Roon only gives the options for max bits as disabled or 16 . Neither 24 or 32 bit are shown further in PiCorePlayer there are some ALSA parameters you can enter for Squeezelite - one is the buffer but one is the bit depth and I had that on 32. The Roon settings do not give that as an option.


Was afraid so. Output of alsacap does not look better:

Device 1, ID ‘bcm2835 ALSA’, name ‘bcm2835 IEC958/HDMI’, 1 subdevices (1 available)
2…8 channels, sampling rate 44100…192000 Hz
Sample formats: S16_LE
Subdevice 0, name `subdevice #0

So Alsa only sees 16-bit in this config – and Roon uses what Alsa offers. I’m afraid this is it for now with the Pi. I will look into 24/32-bit, but don’t have much hope for now – all media players (Kodi and the likes) appear to bypass Alsa for highres-over-HDMI, while RoonBridge is dependent on Alsa.

At least it’s never boring. :slight_smile:

@RBM, thanks for all of the help here.

all media players (Kodi and the likes) appear to bypass Alsa for highres-over-HDMI

Do you have more information on this?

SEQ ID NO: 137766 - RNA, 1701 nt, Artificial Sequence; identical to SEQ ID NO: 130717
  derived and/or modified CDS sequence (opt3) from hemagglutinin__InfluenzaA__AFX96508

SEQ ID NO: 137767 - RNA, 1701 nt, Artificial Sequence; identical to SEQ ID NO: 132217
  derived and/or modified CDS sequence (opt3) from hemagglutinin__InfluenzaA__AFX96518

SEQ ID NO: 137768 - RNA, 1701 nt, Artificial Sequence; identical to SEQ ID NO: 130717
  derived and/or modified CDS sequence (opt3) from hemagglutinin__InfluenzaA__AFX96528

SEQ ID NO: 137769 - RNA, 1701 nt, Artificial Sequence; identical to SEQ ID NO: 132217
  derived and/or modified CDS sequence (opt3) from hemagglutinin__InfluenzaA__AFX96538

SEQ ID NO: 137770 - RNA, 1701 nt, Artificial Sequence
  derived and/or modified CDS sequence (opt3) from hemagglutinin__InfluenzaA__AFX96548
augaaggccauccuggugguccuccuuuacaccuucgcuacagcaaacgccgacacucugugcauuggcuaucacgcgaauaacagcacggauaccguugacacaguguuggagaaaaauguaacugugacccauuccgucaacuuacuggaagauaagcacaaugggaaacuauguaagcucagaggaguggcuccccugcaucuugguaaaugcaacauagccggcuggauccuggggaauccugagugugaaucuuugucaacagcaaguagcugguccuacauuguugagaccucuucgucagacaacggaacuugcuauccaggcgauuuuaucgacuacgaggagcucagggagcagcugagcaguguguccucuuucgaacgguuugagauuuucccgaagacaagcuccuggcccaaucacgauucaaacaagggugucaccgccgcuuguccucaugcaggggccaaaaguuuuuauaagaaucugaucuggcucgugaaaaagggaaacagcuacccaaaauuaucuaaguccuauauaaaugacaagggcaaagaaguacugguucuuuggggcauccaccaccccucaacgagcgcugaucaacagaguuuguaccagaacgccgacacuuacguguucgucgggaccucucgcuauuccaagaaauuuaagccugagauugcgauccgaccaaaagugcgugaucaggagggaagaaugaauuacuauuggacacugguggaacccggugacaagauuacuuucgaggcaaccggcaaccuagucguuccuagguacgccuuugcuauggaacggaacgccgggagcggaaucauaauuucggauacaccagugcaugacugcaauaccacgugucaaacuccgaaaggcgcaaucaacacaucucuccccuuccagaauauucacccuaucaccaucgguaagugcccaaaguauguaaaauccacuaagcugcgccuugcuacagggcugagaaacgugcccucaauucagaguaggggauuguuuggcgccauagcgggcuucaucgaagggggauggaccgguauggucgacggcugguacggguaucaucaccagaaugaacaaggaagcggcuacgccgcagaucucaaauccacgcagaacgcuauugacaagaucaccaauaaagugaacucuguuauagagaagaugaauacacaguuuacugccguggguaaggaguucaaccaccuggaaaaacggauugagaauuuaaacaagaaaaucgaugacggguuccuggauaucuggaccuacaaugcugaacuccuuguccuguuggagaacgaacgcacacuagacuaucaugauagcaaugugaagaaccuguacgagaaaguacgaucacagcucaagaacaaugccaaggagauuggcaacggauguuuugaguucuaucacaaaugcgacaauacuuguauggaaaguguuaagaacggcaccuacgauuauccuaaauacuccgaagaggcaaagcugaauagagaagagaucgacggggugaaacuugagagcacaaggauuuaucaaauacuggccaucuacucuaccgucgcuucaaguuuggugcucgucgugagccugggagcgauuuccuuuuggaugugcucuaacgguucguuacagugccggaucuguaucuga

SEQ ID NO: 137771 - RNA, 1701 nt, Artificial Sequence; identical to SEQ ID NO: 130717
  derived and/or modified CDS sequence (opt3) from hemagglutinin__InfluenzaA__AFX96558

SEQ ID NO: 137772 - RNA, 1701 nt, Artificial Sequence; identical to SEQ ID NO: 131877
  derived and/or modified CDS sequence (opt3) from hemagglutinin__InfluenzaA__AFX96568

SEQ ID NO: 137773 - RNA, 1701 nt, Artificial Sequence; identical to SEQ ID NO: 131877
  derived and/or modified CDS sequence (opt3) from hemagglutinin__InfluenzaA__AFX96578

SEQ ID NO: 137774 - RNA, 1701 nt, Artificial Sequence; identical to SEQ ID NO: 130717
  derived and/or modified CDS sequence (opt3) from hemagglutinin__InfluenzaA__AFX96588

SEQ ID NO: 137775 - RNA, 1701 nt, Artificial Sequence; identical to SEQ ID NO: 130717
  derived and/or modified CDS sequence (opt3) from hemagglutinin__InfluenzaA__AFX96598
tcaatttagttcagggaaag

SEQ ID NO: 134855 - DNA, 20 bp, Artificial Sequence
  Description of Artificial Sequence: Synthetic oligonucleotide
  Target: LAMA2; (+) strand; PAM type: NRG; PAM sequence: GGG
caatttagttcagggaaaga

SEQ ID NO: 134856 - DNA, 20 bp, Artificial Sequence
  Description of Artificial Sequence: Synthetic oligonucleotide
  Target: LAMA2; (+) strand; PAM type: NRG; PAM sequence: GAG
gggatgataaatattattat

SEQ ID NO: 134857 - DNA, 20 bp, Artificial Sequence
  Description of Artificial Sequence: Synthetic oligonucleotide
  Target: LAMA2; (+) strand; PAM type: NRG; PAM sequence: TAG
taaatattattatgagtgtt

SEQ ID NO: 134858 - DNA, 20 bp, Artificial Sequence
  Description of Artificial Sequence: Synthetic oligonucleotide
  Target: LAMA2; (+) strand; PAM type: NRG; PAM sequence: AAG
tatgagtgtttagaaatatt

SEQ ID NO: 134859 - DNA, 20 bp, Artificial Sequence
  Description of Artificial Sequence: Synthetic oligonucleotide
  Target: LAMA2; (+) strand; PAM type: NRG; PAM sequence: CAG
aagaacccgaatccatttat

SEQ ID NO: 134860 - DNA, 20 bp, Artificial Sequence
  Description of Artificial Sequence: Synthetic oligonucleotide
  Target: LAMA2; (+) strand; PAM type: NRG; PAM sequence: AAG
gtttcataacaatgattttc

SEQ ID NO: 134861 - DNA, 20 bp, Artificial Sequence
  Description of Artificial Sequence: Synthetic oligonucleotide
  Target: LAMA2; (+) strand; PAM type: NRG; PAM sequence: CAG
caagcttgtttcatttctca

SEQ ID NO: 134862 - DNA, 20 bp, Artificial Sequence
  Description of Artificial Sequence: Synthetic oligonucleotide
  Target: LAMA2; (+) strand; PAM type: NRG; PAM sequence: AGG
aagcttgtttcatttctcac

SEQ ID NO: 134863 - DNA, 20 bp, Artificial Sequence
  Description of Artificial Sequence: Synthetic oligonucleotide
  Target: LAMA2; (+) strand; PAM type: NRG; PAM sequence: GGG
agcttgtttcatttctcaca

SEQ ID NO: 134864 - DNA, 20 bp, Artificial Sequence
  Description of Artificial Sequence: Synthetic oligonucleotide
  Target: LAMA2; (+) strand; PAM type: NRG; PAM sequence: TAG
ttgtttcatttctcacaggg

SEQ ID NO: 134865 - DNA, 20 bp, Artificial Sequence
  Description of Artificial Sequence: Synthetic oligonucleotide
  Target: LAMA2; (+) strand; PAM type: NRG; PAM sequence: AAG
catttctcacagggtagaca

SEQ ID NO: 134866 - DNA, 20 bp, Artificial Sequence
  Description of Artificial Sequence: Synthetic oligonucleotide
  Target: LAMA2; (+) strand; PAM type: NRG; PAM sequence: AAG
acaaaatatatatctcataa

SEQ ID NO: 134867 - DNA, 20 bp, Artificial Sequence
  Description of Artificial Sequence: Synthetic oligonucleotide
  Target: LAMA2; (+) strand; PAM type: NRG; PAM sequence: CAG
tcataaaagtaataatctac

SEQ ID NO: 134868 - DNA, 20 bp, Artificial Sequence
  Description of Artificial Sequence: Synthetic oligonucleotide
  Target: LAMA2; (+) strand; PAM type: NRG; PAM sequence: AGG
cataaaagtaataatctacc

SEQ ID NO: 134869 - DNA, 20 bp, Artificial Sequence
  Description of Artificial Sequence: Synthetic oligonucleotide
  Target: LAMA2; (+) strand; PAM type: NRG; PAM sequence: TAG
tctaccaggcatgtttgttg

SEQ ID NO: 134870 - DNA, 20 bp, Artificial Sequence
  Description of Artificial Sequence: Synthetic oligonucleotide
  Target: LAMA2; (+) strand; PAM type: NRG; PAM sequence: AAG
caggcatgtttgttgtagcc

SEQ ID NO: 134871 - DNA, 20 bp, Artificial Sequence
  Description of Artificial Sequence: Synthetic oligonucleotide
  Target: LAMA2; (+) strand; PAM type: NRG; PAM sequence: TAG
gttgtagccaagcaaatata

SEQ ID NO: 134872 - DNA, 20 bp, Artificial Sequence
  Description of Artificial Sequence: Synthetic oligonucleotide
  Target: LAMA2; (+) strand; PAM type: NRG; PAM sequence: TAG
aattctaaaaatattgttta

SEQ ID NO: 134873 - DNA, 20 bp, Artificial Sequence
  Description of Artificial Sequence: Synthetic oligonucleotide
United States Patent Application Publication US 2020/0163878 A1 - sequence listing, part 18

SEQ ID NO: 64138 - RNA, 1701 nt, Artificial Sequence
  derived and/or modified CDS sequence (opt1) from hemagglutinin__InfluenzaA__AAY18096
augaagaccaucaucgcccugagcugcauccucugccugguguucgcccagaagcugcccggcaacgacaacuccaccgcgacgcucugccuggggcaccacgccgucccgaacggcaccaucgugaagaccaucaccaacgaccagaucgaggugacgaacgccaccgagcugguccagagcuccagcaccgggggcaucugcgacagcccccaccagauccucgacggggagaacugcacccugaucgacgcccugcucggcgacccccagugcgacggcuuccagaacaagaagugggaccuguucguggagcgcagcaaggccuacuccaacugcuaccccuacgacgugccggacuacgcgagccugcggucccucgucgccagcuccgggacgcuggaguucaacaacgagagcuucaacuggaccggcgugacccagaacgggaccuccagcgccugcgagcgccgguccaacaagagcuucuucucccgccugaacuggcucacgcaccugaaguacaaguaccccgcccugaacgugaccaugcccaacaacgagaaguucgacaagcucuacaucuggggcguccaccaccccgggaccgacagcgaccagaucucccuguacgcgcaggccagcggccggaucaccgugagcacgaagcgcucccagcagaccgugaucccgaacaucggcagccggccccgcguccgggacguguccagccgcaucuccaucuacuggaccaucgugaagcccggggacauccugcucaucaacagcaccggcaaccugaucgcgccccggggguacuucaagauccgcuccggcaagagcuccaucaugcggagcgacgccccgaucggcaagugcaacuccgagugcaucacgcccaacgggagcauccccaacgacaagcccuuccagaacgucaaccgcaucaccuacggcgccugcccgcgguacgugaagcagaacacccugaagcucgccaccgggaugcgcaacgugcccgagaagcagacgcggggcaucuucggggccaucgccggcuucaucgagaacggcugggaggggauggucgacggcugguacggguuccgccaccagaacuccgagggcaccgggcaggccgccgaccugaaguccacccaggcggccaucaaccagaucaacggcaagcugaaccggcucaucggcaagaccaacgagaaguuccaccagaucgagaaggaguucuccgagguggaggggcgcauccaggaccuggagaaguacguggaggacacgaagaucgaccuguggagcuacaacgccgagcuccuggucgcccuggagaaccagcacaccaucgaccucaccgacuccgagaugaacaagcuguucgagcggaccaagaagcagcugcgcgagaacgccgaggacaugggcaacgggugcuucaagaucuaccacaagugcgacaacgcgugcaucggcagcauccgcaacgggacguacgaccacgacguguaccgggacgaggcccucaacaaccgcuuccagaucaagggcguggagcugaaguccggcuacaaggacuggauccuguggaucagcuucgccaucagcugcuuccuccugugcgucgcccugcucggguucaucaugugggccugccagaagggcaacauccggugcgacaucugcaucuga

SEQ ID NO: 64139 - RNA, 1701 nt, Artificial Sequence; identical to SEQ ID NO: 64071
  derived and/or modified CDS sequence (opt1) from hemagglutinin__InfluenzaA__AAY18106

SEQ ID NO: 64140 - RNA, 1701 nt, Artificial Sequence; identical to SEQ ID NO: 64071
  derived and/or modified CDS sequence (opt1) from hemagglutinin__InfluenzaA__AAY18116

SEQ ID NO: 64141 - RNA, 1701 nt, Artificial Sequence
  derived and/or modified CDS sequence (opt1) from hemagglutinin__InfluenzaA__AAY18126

PiCorePlayer uses ALSA too, as far as I can tell–I toyed around with the Pi’s driver, and from what I can see, if I pump 32bit audio into it using the ALSA speaker-test tool, the hw_params file in procfs reflects S16_LE as the hardware format–that tells me that the driver is truncating silently somewhere in its guts.

RoonBridge reads the devices hardware capabilities as part of its startup sequence in order to determine what format to send. Our goal is always to minimize any conversions that may accidentally happen after RAAT. So we are noticing that the device only does S16_LE and performing the truncation on our end.

Squeezelite works differently–it tries to open the device with the desired format, and is OK with whatever happens if that succeeds. So it probably thinks it’s getting 24 or 32bit output because (as proven by speaker-test) the driver is capable of accepting it, but the driver is throwing away some bits.

Annoying…this isn’t an HDMI limitation or an ALSA limitation. Both are capable of >16bit output–it’s probably just a shortcut someone took in the driver implementation.

Why has this been tagged as solved as it isn’t!! How are you determining that the driver is throwing away the bits?


@Richard_Crozier_Jobb It’s called ‘Premature tagging’. :wink: Don’t worry about it.

@brian There’s some wisdom here, including references to media players bypassing Alsa / using omx. It gets interesting near the end.

Agreed on the Squeezelite hypothesis – though someone with the right equipment could probably read out the actual signal going out.

As I explained above, I looked at the hw_params in procfs after verifying with speaker-test. None of these are Roon tools–I’m investigating using the normal ALSA tooling + data exposed by the kernel.